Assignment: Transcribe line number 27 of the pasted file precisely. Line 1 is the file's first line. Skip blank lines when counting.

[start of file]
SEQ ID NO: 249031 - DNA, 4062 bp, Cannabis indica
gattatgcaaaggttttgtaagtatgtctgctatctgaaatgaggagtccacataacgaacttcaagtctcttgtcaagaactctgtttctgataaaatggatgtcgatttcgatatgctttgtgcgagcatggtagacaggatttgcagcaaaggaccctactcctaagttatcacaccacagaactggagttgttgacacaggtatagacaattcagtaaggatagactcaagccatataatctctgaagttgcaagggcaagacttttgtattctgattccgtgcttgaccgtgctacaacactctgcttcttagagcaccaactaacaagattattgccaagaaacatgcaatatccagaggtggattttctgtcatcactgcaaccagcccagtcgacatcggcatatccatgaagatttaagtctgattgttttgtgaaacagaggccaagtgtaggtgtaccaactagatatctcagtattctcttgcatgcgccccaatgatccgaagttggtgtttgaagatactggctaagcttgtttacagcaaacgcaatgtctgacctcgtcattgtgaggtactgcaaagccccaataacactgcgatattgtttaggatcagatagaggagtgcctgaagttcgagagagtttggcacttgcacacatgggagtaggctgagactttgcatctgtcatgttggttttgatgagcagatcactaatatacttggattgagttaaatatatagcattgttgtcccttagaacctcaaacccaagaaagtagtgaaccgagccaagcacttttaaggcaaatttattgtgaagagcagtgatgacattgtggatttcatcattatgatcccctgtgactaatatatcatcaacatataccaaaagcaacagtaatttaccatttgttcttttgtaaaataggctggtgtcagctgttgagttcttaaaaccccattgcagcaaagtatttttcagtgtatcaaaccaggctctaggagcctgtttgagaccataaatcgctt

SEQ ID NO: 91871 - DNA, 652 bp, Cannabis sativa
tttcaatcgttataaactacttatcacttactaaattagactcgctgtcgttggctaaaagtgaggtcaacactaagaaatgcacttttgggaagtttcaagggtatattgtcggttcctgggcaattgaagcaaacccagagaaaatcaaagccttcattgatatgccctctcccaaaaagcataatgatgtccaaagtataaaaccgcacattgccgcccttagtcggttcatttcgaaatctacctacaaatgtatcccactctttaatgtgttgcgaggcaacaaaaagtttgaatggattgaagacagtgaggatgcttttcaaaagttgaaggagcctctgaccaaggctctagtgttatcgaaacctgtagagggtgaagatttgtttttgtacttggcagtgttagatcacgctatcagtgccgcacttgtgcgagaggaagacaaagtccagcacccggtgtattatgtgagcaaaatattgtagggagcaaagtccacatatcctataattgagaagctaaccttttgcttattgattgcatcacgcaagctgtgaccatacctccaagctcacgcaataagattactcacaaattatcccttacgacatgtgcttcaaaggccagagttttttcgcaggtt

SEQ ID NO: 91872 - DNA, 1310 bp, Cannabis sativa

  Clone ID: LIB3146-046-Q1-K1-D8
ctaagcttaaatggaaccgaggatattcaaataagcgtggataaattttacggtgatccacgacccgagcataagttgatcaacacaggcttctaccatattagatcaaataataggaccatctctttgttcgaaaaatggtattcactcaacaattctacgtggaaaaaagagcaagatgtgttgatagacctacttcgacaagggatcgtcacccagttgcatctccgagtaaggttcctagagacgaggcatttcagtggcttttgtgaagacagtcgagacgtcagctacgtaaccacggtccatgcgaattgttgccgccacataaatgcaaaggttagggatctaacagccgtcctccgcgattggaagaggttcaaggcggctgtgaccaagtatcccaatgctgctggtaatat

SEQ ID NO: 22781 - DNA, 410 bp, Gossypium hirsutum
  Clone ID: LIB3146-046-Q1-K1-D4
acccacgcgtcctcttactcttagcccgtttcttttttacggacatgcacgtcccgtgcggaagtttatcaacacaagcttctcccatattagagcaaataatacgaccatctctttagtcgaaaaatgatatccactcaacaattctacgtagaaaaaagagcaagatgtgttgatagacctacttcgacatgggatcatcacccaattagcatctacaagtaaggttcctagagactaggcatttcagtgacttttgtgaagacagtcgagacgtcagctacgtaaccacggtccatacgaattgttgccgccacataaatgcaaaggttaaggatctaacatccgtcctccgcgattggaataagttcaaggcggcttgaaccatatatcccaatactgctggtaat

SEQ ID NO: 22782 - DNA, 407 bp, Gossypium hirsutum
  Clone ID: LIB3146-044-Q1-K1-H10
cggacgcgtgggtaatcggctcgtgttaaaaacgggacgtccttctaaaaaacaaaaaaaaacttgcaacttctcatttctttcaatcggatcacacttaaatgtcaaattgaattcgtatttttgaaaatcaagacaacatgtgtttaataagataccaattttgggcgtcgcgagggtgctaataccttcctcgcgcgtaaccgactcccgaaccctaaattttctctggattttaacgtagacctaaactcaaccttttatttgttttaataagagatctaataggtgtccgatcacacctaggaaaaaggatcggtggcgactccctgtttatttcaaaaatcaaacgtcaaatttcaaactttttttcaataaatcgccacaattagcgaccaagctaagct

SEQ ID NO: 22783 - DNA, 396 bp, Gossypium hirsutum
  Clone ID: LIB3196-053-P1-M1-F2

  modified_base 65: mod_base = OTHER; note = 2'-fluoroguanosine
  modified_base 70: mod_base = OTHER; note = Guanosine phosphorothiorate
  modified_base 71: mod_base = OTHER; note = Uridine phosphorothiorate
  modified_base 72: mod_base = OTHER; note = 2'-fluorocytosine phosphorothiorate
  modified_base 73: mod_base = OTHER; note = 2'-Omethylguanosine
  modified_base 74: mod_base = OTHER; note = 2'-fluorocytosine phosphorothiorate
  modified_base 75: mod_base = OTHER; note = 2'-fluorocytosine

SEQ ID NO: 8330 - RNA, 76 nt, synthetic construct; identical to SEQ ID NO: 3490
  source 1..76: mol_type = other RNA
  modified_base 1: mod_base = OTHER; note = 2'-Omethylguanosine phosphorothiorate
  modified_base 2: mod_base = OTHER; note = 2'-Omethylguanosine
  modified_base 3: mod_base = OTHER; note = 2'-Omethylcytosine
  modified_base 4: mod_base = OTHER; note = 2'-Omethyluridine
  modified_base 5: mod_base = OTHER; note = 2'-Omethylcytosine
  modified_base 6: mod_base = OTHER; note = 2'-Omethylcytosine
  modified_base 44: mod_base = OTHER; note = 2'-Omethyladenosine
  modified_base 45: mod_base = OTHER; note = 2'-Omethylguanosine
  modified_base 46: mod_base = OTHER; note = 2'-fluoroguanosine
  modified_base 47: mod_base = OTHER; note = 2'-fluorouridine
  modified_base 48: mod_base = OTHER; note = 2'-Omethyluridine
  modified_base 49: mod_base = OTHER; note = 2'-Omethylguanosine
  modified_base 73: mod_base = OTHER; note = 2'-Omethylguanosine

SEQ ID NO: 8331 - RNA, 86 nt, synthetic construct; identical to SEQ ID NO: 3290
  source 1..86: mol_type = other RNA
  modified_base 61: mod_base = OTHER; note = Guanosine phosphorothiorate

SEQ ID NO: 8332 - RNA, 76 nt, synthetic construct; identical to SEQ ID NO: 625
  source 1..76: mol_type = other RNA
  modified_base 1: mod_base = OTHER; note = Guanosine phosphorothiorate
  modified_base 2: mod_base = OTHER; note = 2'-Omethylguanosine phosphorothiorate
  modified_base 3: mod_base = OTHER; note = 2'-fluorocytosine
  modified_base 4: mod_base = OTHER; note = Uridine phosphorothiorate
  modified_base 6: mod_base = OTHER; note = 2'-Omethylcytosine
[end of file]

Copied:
  modified_base 3: mod_base = OTHER; note = 2'-Omethylcytosine